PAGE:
more teams.
In order to generate more interest from college coaches, high school athletes should
be proactive in the recruiting process by sending letters, profiles, game tapes, and
schedules to colleges. A short introductory letter with a brief profile that includes
athletic statistics and awards, as well as a comprehensive academic profile (GPA,
class rank, standardized test scores) should all be included.
A schedule needs to be included alerting the college coaches as to where, when, and
on which team you will be playing. Most importantly, an interested student-athlete
should send a game tape along with the written material. Coaches prefer full games
or 2 half games, not highlight tapes. They also prefer to watch games on a VHS over
a DVD format (it is easier to fast forward, rewind, and pause).
Make yourself as accessible as possible providing various ways to communicate with
the coaches: cell phone and home number, email address, and even an instant
message screen name. Building a strong relationship with a coach greatly influences
your chances of being offered a scholarship. Some student-athletes work with
recruiting agencies that help high school players increase their chances of earning a
scholarship. While it usually costs an exorbitant amount of money, usually these
recruiting agencies help promote the player by getting their information out to more
colleges than the player could do on their own.
College coaches, at least for basketball, most likely will not recruit players strictly off
their high school accomplishments. It is paramount for high school athletes to
attend a camp or join a traveling team that competes during the evaluation period.
As a high school player I averaged 32 points a game and only 3 colleges came to see
me play in my high school gym – the rest of them saw AAU games and camp games.
While it is exciting and most certainly a compliment to receive a recruiting letter
from a college, it doesn't necessarily mean they are recruiting you. Colleges send
out hundred of form letters and introductory letters to high school athletes. I
remember receiving some from schools that claimed to see me in a tournament I
didn't even attend.
If the college hand-writes letters, calls your high school and travel team coaches –
there's good chance they are serious about recruiting. It will also become apparent
who is really interested once colleges can officially contact a recruit by phone. As
aforementioned, I was contacted by over 200 schools by mail but about 60 actually
called.
Once a student-athlete is actively recruited by colleges, it is easy to get
overwhelmed with all of the attention. High school students should maintain a list of
their top schools and slowly narrow it down over time – it not only helps them by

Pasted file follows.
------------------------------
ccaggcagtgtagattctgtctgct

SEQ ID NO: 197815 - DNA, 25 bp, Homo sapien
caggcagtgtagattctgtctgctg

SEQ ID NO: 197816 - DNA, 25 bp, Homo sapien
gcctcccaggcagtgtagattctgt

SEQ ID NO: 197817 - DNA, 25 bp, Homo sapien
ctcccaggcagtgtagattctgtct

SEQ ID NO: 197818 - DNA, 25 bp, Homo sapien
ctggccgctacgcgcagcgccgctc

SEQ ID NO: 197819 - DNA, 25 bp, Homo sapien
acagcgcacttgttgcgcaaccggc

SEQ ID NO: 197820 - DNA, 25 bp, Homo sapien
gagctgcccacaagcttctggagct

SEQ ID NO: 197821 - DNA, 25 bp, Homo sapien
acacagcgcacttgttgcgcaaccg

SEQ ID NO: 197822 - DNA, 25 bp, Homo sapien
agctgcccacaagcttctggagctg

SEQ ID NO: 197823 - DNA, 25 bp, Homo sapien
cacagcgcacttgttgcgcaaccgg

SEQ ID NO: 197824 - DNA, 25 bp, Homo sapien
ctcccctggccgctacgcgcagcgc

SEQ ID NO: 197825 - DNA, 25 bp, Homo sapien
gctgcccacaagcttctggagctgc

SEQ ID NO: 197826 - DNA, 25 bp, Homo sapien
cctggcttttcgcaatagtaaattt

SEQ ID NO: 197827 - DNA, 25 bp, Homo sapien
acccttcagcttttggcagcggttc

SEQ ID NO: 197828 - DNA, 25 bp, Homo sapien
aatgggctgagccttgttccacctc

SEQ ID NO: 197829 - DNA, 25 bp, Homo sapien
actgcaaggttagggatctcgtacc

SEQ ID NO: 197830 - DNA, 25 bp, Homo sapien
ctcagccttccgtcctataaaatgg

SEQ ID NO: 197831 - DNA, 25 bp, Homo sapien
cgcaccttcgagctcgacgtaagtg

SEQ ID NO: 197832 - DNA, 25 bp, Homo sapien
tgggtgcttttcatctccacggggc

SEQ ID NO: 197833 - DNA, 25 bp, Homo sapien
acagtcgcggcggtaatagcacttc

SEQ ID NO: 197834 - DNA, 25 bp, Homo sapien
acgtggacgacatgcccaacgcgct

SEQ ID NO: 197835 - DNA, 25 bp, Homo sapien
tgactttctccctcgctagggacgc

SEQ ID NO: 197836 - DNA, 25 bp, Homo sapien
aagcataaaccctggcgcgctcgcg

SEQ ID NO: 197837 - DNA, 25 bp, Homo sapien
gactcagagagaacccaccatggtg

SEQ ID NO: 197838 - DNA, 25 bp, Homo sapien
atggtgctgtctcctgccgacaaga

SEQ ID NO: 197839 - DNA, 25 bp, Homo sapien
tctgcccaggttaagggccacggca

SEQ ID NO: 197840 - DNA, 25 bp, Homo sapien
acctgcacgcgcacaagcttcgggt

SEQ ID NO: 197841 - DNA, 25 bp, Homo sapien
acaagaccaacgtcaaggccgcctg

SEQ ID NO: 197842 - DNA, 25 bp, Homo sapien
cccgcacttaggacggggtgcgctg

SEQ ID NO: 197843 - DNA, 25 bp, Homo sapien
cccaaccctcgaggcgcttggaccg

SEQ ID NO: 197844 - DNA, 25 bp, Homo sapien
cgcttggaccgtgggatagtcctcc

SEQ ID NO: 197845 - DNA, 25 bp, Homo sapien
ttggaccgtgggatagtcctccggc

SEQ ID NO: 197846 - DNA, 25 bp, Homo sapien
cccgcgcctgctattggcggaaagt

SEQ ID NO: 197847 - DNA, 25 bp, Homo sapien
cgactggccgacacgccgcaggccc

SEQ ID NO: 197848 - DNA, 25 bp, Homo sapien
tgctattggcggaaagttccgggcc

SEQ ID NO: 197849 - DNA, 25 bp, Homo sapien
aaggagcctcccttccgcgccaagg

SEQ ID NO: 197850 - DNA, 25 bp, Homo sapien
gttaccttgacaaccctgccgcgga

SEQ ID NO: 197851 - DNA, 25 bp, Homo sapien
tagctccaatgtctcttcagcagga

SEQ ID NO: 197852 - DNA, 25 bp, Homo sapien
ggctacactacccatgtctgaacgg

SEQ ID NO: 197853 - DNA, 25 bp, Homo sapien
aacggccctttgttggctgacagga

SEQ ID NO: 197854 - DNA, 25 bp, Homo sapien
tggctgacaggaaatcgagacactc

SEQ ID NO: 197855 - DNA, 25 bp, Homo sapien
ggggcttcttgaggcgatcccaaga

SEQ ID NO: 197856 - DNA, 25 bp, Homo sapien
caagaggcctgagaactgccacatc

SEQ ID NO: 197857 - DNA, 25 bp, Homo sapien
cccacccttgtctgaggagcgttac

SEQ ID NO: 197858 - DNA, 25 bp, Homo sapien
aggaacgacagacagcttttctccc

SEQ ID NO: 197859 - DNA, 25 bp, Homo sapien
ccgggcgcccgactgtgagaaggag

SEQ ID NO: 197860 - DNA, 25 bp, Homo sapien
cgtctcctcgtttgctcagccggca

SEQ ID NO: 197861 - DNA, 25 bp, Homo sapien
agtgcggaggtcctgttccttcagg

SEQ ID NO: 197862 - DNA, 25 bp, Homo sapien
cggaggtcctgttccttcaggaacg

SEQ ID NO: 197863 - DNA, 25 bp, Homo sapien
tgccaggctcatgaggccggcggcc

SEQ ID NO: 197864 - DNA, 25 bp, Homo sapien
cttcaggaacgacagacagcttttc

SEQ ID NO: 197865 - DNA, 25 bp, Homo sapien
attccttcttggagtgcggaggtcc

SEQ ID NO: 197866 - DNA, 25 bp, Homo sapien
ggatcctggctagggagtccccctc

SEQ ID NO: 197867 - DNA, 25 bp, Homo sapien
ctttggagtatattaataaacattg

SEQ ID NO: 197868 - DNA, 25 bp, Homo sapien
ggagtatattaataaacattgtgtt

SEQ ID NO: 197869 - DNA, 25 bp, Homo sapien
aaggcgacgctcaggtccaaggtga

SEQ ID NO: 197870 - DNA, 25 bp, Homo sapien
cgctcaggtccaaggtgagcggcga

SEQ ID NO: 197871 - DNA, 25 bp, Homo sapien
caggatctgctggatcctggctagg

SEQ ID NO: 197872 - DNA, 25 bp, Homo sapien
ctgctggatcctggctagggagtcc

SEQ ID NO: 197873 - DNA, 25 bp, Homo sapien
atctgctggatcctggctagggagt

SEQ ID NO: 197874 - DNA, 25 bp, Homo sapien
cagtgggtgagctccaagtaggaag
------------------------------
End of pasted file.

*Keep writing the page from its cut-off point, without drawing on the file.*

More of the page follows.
limiting the number of phone calls per night but also helps college coaches to move
on to someone else.
It is also essential that high school athletes know what they want in terms of a
college experience. What type of team do you want to play for – uptempo, zone
defense, man to man defense, etc? Do you want to play close to home? Do you
want to play right away? Do you want to go to a school with a good academic
reputation? Do you want to play for a coach that is close with his/her team or more
business-like? The more you know, the easier the process is.
Taking an official or unofficial visit to the school might be the best way to really get a
sense of the athletic program, coaches, players, and overall situation. In my case, I
only took 1 of my 4 scheduled official visits. If I could do it again, I would have
taken all four to at least have gotten the chance to at least compare things
relatively.
Once on the visit, high school players should really spend as much time as possible
with the team to get a sense of their overall happiness with the program, their
coaches, and college experience. Do not be afraid to ask questions and lots of them
– choosing a college is a decision that not just determines the next four years of
your life, but really defines you, like it or not, throughout adulthood.
The Youth Coach Perspective
While coaching in college was a terrific
experience, I found that I missed the other
things in life like having time to coach kids. I
currently run the Batastini School of
Basketball (www.batschoolofbasketball.com),
a coaching service dedicated to development
of basketball players – youth to collegiate
level. Through individual and group
workouts, camps, clinics, and coaching
consulting, I feel I can help players achieve
their goals – whether they involve simply
improving skills or earning a scholarship to
college.
There are three integral pieces of advice I would give an aspiring athlete of any sport
that wants to play in college.
1. You have to want it more than anyone. Your parents can't want it more.
Your coaches can't want it more. You have to be the one that wakes up every
day and be the one that wants to reach your goals.
2. You have to be willing to be different – to be an individual. When your friends
are at the mall, you have to be willing to stay home and work on your game.
3. And, most importantly, you have to love it. It has to be your passion. You
have to live, dream, and sleep it. It's a lot of work, a lot of discipline, and an
extraordinary amount of time but if you truly love it, it will all be worth it.
I loved it. I still do. And that's why I continue coaching and working with current
players that want to reach their goals. Please contact me with any questions at
[email protected]